Making the rounds is a Yahoo Hot Jobs posting of the ten worst-paying college degrees.
Third worst is theology. Second is elementary education. First is social work.
SWNID is interested for many reasons. One is that surveys of pay in higher ed show that professors of education and social work do better than professors of theology and religious vocations. If the yahoos at Yahoo are right (and something makes me trust the professionalism of the College and University Professionals Association more than the folks who work for a company that also lists the Ten Worst Fashion Mistakes at the Oscars), then there is systemic injustice in the pay of Bible college and seminary faculty (making a number of SWNIDish colleagues right). Generally, pay in higher ed tracks at about 80% of pay for the equivalent profession (if there is one) in the allegedly Real World.
Another is that the list as a whole represents just about the entire range of stuff that either is or prospectively might be part of the curriculum of the SWNIDish IHE. Thus, when students report that their degree lacks value, we suspect that they are responding in strictly pecuniary terms. Meanwhile, our place of business adheres to a strict No Pay for Performance mandate.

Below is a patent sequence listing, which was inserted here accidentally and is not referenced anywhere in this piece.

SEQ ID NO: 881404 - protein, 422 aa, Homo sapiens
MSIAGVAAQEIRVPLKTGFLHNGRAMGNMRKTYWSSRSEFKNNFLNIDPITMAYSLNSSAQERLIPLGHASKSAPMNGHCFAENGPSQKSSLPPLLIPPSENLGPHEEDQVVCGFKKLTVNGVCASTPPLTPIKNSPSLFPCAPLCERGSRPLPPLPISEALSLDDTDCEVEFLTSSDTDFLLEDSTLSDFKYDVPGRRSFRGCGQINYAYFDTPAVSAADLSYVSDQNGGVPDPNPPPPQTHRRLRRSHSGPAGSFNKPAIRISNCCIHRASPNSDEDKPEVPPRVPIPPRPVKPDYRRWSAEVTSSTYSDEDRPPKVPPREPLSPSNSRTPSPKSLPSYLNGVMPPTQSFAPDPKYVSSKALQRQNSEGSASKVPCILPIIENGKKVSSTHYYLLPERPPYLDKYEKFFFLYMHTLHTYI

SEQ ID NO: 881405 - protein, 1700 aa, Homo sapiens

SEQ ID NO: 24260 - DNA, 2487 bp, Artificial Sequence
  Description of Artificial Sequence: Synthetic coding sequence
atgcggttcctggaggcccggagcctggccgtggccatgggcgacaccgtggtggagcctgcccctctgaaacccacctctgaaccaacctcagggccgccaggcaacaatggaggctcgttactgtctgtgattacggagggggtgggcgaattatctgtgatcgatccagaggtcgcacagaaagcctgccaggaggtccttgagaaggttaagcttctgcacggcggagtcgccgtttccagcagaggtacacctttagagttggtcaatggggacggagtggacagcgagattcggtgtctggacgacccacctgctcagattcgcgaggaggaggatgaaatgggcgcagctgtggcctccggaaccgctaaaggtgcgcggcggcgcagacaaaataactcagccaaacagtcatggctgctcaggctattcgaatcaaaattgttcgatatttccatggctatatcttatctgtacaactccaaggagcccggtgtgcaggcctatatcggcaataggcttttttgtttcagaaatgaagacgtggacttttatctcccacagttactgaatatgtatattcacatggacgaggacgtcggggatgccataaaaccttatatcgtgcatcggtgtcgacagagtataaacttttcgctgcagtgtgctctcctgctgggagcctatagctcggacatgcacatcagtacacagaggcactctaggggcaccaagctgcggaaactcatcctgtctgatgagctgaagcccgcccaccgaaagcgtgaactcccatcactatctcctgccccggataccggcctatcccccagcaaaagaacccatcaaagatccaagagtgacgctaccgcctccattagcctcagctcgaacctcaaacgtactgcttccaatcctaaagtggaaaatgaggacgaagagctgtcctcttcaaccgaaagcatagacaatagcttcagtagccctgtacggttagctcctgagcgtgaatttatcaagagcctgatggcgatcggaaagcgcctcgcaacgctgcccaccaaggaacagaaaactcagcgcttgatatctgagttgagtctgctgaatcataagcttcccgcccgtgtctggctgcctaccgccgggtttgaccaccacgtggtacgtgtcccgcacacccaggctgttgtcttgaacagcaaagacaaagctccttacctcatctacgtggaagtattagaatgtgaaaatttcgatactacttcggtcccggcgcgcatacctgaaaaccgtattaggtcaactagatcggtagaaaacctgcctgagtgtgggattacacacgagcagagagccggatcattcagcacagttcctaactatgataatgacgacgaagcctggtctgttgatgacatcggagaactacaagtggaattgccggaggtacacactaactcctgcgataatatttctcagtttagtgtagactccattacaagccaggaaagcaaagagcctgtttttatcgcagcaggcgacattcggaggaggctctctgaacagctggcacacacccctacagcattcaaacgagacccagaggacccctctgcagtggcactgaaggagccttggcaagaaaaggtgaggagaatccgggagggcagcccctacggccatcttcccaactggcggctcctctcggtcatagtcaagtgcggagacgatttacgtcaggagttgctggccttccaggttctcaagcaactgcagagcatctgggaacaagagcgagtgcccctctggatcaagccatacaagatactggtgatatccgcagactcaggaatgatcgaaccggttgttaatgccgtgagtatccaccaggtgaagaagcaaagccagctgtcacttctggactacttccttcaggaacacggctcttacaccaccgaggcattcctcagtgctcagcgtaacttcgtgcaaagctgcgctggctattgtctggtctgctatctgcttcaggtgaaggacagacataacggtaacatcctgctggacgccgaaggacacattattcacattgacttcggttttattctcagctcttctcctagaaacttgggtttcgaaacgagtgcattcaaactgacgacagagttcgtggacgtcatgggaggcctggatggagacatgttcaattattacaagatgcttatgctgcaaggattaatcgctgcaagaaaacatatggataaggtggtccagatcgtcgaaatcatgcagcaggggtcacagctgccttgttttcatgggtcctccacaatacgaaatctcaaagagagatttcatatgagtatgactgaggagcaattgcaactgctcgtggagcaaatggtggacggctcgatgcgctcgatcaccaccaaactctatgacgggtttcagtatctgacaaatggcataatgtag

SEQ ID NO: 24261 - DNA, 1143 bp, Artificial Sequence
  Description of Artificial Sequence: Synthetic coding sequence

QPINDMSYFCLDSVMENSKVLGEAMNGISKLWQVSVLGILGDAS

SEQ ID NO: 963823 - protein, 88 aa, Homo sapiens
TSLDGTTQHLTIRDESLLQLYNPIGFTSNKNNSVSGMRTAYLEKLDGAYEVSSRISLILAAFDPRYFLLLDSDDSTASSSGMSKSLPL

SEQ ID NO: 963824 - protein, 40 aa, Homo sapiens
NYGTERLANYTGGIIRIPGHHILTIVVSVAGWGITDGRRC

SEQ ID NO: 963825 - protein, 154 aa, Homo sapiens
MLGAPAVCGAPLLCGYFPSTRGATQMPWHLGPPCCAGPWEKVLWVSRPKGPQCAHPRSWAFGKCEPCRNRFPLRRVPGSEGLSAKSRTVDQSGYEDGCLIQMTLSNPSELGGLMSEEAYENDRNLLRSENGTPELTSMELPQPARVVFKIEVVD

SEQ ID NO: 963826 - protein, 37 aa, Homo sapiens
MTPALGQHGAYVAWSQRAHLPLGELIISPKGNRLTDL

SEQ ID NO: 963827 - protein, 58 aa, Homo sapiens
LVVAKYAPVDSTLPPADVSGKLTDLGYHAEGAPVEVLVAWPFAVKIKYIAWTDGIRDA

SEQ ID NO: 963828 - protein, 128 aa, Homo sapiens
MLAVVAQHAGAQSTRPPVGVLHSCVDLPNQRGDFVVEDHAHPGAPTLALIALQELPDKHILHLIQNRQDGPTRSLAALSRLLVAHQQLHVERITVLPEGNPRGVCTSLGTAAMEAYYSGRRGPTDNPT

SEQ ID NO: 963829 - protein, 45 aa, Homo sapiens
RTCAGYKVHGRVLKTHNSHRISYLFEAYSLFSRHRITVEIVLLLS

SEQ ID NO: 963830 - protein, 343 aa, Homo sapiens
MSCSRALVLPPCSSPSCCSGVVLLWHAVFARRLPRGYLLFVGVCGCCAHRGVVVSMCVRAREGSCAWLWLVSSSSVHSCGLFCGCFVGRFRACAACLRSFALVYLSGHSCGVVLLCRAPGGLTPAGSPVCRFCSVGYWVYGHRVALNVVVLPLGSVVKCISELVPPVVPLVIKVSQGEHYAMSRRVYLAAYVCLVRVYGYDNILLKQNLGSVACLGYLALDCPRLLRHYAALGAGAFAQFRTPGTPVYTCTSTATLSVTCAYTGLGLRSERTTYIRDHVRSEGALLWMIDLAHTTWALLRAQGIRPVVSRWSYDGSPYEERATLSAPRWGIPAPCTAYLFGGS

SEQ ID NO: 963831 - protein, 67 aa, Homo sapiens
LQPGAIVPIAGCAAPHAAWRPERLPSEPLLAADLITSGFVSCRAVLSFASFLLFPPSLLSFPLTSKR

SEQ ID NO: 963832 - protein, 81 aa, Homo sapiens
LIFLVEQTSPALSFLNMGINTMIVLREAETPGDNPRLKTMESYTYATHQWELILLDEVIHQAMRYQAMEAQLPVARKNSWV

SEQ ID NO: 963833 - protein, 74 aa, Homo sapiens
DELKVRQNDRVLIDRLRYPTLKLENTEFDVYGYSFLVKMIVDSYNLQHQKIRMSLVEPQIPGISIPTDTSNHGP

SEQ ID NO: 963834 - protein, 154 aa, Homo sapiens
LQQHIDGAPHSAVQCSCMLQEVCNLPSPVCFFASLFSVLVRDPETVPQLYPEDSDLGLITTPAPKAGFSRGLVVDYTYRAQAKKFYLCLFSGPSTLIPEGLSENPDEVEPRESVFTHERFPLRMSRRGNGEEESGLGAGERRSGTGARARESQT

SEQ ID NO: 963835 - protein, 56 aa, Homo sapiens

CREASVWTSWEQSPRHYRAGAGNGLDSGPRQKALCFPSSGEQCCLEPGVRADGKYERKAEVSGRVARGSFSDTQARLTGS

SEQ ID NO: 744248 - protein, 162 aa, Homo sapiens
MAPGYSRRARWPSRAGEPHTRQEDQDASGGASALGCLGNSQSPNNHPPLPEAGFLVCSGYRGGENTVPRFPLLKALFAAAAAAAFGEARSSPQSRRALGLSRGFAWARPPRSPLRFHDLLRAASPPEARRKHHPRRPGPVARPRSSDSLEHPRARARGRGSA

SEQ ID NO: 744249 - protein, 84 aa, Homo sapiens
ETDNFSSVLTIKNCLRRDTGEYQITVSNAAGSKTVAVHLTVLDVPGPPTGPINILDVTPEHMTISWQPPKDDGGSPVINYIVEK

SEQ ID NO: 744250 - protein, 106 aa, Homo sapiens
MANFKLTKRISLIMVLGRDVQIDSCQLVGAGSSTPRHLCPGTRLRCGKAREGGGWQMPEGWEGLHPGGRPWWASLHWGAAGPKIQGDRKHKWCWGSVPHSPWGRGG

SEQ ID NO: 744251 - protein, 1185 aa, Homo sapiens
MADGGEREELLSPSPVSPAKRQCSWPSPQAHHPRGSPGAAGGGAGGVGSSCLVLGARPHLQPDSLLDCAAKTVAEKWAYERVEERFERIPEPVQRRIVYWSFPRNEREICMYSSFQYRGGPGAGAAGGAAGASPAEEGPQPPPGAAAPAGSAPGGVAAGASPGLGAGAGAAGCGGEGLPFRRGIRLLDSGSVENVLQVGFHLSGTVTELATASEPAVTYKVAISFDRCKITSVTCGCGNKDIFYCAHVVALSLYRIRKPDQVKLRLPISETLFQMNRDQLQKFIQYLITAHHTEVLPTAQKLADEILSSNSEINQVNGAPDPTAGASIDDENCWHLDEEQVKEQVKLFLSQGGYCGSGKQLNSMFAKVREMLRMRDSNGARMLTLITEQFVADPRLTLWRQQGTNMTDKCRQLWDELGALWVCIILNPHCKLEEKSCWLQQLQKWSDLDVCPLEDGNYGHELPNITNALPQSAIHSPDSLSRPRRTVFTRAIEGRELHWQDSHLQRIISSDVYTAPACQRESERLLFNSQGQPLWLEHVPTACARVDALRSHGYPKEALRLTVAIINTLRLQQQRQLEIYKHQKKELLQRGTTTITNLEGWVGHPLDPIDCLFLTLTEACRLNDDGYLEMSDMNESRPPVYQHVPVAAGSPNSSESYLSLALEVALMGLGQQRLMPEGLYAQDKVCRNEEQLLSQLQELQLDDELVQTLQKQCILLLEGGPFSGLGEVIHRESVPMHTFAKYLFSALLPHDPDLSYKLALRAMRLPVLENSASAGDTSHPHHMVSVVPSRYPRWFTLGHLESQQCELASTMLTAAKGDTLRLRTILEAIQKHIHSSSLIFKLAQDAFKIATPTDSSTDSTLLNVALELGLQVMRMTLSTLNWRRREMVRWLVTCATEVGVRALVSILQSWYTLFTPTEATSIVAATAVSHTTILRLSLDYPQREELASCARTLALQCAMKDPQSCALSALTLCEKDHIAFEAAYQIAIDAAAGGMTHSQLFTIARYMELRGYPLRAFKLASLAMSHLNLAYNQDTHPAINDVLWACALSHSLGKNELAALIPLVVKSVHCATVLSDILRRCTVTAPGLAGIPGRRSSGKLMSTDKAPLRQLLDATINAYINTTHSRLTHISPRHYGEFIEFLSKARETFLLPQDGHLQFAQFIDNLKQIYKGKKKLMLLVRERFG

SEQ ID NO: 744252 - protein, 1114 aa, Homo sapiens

Another is the fact that though these salaries are relatively low, no one is likely to starve if her means were at the mean for these debased vocations. Just how much it takes to be happy is an excellent question to ask in a time and place in which the poor are disproportionately overweight and the number of registered vehicles exceeds the number of licensed drivers. We are personally tired of people who fear ministry and other helping professions because of bad pay, or more specifically who demand that their children pursue something other than a helping profession so that they can join the upwardly mobile subcategories of the middle class.
Another is that despite the low pay, an enormous number of folk aspire to enter these professions. We include theology, as dire predictions of a shortage of qualified ministers seems never to materialize, and churches with openings that pay a decent wage and don't promise endless conflict are routinely swarmed with applications.
Finally, we surmise that one Joel Osteen was not included in the survey, as his massive income would have shot the mean up to the level of Fortune-500 CEO. And if more pastors followed his advice, we'd all be richer than Mr. Teeth himself. This, of course, assumes that what The Reverend Mr. Osteen does falls somehow within the boundaries of "theology."